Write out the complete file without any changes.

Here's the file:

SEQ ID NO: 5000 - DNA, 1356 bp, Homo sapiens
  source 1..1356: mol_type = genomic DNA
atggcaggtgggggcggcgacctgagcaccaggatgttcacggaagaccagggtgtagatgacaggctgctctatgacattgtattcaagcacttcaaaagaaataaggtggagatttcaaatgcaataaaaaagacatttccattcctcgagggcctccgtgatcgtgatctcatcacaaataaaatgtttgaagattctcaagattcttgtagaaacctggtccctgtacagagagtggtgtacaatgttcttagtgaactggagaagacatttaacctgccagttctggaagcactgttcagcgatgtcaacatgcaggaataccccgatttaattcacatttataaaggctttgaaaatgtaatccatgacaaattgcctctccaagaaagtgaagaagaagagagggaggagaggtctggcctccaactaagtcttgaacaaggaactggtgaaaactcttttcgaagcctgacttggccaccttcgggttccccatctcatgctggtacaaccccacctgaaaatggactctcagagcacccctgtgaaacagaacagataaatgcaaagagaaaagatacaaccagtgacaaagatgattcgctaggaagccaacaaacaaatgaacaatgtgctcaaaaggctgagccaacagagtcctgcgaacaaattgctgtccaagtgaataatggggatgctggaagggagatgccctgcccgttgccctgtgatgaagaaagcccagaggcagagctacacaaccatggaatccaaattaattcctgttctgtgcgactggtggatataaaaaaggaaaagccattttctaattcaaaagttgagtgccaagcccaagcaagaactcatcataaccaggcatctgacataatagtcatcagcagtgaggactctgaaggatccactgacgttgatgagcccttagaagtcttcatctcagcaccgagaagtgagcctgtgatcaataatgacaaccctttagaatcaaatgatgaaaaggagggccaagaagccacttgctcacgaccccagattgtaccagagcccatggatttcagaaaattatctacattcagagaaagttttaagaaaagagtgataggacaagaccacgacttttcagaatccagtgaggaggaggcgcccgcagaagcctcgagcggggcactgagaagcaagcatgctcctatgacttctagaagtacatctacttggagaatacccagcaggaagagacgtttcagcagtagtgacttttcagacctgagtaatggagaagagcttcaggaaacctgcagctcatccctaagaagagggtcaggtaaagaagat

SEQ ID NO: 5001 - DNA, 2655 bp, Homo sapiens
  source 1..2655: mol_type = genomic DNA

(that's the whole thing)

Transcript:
SEQ ID NO: 5000 - DNA, 1356 bp, Homo sapiens
  source 1..1356: mol_type = genomic DNA
atggcaggtgggggcggcgacctgagcaccaggatgttcacggaagaccagggtgtagatgacaggctgctctatgacattgtattcaagcacttcaaaagaaataaggtggagatttcaaatgcaataaaaaagacatttccattcctcgagggcctccgtgatcgtgatctcatcacaaataaaatgtttgaagattctcaagattcttgtagaaacctggtccctgtacagagagtggtgtacaatgttcttagtgaactggagaagacatttaacctgccagttctggaagcactgttcagcgatgtcaacatgcaggaataccccgatttaattcacatttataaaggctttgaaaatgtaatccatgacaaattgcctctccaagaaagtgaagaagaagagagggaggagaggtctggcctccaactaagtcttgaacaaggaactggtgaaaactcttttcgaagcctgacttggccaccttcgggttccccatctcatgctggtacaaccccacctgaaaatggactctcagagcacccctgtgaaacagaacagataaatgcaaagagaaaagatacaaccagtgacaaagatgattcgctaggaagccaacaaacaaatgaacaatgtgctcaaaaggctgagccaacagagtcctgcgaacaaattgctgtccaagtgaataatggggatgctggaagggagatgccctgcccgttgccctgtgatgaagaaagcccagaggcagagctacacaaccatggaatccaaattaattcctgttctgtgcgactggtggatataaaaaaggaaaagccattttctaattcaaaagttgagtgccaagcccaagcaagaactcatcataaccaggcatctgacataatagtcatcagcagtgaggactctgaaggatccactgacgttgatgagcccttagaagtcttcatctcagcaccgagaagtgagcctgtgatcaataatgacaaccctttagaatcaaatgatgaaaaggagggccaagaagccacttgctcacgaccccagattgtaccagagcccatggatttcagaaaattatctacattcagagaaagttttaagaaaagagtgataggacaagaccacgacttttcagaatccagtgaggaggaggcgcccgcagaagcctcgagcggggcactgagaagcaagcatgctcctatgacttctagaagtacatctacttggagaatacccagcaggaagagacgtttcagcagtagtgacttttcagacctgagtaatggagaagagcttcaggaaacctgcagctcatccctaagaagagggtcaggtaaagaagat

SEQ ID NO: 5001 - DNA, 2655 bp, Homo sapiens
  source 1..2655: mol_type = genomic DNA